My university life has been great. What people say about this being the most special part of your life, is completely true. No one knew about me during the initial years and it used to bug me a lot. There was a different side to me that I kept hidden from them and I felt like I was betraying their trust. I tried to stay honest with them as much as possible, but since I was dating, I had to lie at times to cover my tracks. After two years, I knew I couldn’t continue like this. And so I started to come out to my friends, one at a time. Now if you are in the closet and you want to come out to your friends, make sure you know them well enough and that they love you enough to accept who you are. I developed a simple method to ease the news in. Here it is step by step-

  •  Talk to your friend about homosexuality and their opinion about it. Also add how you would like to date a girl just to see what it would be like.
  • Note their reaction to it. If it’s negative, stop here and forget the whole thing. If it’s positive, move on to the next step. 
  • After one week, follow up on the previous conversation and admit that you once dated a girl for two months. (Use the word “date” rather than relationship and a trifling time period to lessen the seriousness of the whole thing)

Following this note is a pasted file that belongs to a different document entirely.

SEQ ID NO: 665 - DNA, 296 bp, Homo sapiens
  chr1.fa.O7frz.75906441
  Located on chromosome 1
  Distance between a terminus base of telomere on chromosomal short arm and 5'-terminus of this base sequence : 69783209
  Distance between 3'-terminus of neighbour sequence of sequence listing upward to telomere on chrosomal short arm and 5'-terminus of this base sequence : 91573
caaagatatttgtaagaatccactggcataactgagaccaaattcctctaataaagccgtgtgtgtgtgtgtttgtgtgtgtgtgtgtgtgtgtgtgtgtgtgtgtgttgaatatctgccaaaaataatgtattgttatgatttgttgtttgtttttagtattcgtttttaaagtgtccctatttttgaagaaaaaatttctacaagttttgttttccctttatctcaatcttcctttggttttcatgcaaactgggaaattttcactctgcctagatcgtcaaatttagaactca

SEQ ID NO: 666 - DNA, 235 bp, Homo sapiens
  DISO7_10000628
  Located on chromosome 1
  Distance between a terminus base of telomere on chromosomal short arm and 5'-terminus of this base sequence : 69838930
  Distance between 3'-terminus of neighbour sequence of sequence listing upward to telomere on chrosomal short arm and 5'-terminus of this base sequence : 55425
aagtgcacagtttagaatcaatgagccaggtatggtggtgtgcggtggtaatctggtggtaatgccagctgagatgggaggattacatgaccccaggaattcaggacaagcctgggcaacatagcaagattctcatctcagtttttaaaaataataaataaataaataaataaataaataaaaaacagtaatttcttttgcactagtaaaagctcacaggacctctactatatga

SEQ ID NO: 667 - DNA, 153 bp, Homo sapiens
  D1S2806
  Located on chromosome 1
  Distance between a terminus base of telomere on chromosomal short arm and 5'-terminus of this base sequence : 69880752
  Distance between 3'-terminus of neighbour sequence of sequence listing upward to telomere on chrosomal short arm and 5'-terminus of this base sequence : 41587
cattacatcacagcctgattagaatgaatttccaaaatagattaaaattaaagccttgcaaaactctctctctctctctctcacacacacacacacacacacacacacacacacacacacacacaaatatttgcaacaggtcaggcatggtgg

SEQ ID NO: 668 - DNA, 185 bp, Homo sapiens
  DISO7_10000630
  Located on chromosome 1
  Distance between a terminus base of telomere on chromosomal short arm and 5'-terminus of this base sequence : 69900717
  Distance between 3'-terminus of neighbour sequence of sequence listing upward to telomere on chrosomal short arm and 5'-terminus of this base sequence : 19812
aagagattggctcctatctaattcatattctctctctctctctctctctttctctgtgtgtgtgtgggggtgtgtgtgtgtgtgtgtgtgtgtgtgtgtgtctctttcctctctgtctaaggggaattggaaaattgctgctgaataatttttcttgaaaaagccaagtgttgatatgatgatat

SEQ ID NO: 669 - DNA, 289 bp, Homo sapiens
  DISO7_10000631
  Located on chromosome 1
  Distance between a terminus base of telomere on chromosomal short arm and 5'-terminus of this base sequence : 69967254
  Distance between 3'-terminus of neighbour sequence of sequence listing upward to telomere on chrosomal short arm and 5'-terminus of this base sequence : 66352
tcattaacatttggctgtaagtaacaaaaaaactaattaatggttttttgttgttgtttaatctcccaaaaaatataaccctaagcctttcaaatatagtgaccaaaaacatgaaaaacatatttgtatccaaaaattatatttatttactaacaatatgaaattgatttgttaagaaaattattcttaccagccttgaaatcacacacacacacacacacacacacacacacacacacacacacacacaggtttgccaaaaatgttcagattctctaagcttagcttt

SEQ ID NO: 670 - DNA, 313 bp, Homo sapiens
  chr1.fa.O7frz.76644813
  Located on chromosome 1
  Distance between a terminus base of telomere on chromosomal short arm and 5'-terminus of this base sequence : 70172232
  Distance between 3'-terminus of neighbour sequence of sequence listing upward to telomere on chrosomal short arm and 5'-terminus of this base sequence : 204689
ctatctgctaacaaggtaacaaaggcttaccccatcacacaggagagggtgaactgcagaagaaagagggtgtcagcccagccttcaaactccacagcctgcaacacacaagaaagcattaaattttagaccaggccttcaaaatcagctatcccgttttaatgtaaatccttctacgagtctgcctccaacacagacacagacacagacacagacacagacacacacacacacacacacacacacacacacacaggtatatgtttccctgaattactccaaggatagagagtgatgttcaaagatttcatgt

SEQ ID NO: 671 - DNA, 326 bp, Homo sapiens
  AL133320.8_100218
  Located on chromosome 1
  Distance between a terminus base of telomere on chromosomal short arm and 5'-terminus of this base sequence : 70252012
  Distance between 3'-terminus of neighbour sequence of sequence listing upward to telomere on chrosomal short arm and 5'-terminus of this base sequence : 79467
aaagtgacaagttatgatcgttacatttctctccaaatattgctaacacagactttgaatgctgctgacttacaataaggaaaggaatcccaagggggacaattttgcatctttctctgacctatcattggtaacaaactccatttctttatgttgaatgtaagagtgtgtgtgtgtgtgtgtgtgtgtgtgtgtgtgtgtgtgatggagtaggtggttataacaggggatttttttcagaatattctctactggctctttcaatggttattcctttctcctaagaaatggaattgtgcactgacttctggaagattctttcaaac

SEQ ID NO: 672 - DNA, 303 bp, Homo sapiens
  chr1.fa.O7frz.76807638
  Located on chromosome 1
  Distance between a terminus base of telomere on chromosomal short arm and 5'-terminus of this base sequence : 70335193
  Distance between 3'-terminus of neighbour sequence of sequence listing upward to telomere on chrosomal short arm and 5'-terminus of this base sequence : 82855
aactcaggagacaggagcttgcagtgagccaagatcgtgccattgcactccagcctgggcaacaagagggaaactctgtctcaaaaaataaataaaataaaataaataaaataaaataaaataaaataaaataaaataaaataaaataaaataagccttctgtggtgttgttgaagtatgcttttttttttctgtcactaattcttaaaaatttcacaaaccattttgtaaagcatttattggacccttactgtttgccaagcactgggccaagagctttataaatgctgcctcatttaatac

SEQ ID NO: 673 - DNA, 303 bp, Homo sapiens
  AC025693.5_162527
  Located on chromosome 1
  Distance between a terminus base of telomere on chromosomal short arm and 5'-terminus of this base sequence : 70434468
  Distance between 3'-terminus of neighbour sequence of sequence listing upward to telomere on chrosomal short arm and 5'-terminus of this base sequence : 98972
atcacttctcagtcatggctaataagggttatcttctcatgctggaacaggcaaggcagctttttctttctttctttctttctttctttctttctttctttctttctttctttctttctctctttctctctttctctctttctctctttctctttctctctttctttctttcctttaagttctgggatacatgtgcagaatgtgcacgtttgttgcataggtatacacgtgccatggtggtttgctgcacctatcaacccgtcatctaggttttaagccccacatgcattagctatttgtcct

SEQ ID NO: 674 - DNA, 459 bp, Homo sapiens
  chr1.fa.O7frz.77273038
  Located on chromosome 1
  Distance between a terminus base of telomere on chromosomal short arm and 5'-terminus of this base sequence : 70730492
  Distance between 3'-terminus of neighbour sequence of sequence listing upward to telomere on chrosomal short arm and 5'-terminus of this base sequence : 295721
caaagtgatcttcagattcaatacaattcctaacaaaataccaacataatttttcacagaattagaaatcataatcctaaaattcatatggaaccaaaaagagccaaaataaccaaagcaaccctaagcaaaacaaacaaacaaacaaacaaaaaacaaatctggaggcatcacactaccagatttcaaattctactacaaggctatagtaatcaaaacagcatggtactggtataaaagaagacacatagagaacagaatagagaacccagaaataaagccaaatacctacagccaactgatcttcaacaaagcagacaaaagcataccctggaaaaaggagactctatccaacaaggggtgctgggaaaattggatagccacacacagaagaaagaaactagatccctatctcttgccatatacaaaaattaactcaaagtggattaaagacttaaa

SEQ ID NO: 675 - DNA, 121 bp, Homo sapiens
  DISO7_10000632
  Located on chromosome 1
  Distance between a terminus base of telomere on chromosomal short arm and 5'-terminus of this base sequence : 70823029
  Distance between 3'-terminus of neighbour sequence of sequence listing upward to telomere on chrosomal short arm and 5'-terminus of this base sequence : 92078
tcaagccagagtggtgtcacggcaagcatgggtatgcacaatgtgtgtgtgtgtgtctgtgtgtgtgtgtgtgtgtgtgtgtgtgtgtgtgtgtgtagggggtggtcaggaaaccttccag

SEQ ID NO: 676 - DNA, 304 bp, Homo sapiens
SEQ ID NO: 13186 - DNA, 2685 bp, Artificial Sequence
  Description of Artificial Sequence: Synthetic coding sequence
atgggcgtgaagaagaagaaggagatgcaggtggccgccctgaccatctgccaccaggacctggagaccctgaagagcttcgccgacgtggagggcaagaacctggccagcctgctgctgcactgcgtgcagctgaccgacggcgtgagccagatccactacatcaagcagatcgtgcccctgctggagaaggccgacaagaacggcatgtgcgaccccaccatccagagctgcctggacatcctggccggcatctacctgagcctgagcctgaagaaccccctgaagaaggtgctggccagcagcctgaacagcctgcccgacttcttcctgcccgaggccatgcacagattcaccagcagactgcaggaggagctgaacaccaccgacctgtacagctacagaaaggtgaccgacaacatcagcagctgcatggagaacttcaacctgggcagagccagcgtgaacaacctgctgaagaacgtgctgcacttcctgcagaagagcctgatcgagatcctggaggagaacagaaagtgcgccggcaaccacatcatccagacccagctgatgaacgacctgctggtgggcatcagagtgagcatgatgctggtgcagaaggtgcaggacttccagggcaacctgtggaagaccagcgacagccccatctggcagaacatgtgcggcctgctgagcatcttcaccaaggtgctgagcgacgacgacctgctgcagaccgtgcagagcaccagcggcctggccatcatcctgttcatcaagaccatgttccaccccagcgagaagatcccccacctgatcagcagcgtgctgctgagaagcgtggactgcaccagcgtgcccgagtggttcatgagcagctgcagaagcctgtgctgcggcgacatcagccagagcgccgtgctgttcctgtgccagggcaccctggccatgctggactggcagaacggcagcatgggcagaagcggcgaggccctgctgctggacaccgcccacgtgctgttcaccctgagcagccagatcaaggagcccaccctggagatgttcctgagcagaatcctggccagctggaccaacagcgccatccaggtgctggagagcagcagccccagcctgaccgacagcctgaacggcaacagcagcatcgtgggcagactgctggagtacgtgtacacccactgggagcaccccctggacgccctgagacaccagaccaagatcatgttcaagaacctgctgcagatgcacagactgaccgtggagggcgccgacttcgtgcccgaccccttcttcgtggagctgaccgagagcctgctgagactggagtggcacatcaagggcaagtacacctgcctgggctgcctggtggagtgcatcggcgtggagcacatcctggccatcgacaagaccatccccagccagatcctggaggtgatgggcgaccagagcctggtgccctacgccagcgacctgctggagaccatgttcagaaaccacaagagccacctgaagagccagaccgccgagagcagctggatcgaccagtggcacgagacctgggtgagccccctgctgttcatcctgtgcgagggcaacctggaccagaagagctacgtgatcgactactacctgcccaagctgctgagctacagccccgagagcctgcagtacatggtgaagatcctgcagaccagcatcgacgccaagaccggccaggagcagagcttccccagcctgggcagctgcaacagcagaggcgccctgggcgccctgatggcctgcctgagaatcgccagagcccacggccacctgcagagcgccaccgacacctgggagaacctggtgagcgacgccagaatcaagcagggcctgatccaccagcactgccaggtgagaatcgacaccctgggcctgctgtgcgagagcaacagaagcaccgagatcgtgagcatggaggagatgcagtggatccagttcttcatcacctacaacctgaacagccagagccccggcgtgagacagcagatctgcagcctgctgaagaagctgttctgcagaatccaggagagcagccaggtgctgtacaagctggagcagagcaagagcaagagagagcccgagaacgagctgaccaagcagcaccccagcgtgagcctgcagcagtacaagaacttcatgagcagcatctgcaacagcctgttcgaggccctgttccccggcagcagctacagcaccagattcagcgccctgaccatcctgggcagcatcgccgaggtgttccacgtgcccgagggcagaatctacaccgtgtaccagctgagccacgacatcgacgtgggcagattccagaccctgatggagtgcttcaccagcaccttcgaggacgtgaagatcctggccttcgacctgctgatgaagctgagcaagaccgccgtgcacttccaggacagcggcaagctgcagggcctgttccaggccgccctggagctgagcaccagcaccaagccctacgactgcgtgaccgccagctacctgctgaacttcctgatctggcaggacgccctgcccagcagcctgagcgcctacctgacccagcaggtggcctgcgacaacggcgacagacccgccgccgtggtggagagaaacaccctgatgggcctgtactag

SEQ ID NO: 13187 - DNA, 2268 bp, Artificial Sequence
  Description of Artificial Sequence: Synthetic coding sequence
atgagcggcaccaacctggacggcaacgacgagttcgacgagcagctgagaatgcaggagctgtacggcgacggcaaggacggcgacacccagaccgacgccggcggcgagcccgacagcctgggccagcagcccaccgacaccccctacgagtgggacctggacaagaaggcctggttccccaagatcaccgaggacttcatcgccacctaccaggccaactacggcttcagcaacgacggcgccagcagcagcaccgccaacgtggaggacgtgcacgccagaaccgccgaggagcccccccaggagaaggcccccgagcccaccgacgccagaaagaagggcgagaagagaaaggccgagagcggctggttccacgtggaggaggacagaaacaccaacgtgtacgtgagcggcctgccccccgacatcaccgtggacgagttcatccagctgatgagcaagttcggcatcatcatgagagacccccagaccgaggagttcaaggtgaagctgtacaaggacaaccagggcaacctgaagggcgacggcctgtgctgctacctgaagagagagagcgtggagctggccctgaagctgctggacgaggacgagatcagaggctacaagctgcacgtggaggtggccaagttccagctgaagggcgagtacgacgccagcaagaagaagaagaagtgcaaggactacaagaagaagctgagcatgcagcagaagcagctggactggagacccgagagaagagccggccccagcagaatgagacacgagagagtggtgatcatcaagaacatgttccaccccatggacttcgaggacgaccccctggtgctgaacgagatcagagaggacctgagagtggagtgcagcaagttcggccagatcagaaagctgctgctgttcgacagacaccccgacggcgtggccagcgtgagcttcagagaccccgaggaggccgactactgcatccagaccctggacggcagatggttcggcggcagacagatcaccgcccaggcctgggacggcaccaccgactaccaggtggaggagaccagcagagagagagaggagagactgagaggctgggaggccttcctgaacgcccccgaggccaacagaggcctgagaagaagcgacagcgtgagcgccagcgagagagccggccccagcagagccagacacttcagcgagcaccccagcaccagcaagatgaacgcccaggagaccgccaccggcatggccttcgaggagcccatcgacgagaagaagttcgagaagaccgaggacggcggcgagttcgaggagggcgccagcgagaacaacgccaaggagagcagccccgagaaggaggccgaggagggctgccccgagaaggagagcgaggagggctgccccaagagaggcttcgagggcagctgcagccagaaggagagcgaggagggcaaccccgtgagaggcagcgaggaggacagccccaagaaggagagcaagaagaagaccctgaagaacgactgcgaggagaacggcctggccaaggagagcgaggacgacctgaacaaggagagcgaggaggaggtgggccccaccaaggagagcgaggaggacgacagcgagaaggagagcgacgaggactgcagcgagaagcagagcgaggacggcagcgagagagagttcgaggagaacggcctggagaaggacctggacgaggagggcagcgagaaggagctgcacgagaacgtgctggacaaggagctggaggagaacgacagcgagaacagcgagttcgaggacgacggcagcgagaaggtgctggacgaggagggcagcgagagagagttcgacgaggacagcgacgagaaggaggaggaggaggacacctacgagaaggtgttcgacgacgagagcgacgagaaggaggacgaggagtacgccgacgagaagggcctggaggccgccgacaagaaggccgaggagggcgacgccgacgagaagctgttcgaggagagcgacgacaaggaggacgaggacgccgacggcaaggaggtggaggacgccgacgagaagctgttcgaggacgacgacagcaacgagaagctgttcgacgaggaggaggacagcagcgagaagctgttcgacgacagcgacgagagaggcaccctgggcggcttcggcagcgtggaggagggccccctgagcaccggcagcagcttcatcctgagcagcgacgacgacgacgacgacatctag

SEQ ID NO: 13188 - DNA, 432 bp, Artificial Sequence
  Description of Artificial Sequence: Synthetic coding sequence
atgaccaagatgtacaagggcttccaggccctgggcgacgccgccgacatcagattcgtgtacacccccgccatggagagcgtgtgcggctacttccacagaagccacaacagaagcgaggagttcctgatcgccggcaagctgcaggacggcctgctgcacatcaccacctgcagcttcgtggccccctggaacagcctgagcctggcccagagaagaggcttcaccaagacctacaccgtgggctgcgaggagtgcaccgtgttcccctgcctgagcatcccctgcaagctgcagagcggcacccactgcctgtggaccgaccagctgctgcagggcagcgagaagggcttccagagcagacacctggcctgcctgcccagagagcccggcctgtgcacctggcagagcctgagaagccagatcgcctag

• Note their reaction to it. If it’s negative, stop here and forget the whole thing. If it’s positive, move on to the next step.
  • After two weeks, follow up on the previous conversation and say that you actually dated twice, and both of were girls. This usually starts a long talk and you can go on giving further details about your other life. Sometimes even they share their secrets; stuffs they have never said to anyone. This acts as a seal to your bond of trust. Believe me, there is only a few things better than having trustworthy friends in your life.

Right before the fifth step, I always go through this terrible fearful phase. What if they don’t take it as my “research” says they will? What if they cut me out of their lives? What if they keep away from me because they don’t want to be associated with the label I carry with myself? Every time I go through this phase, and every time people surprise me. Love is a strong emotion, and we see it in every relationship that matter to us. Not all my friends are liberal or comfortable with the idea of homosexuality, but they still accept me as I am.  And as much as they might try to deny it if questioned, it’s only because they love me. When people know you well enough, they understand that this single dimension of your personality does not change who you are. I have taken the liberty to compile a few statements of support from my friends (some parts of it is a bit self-bragging; but this is what they said!) –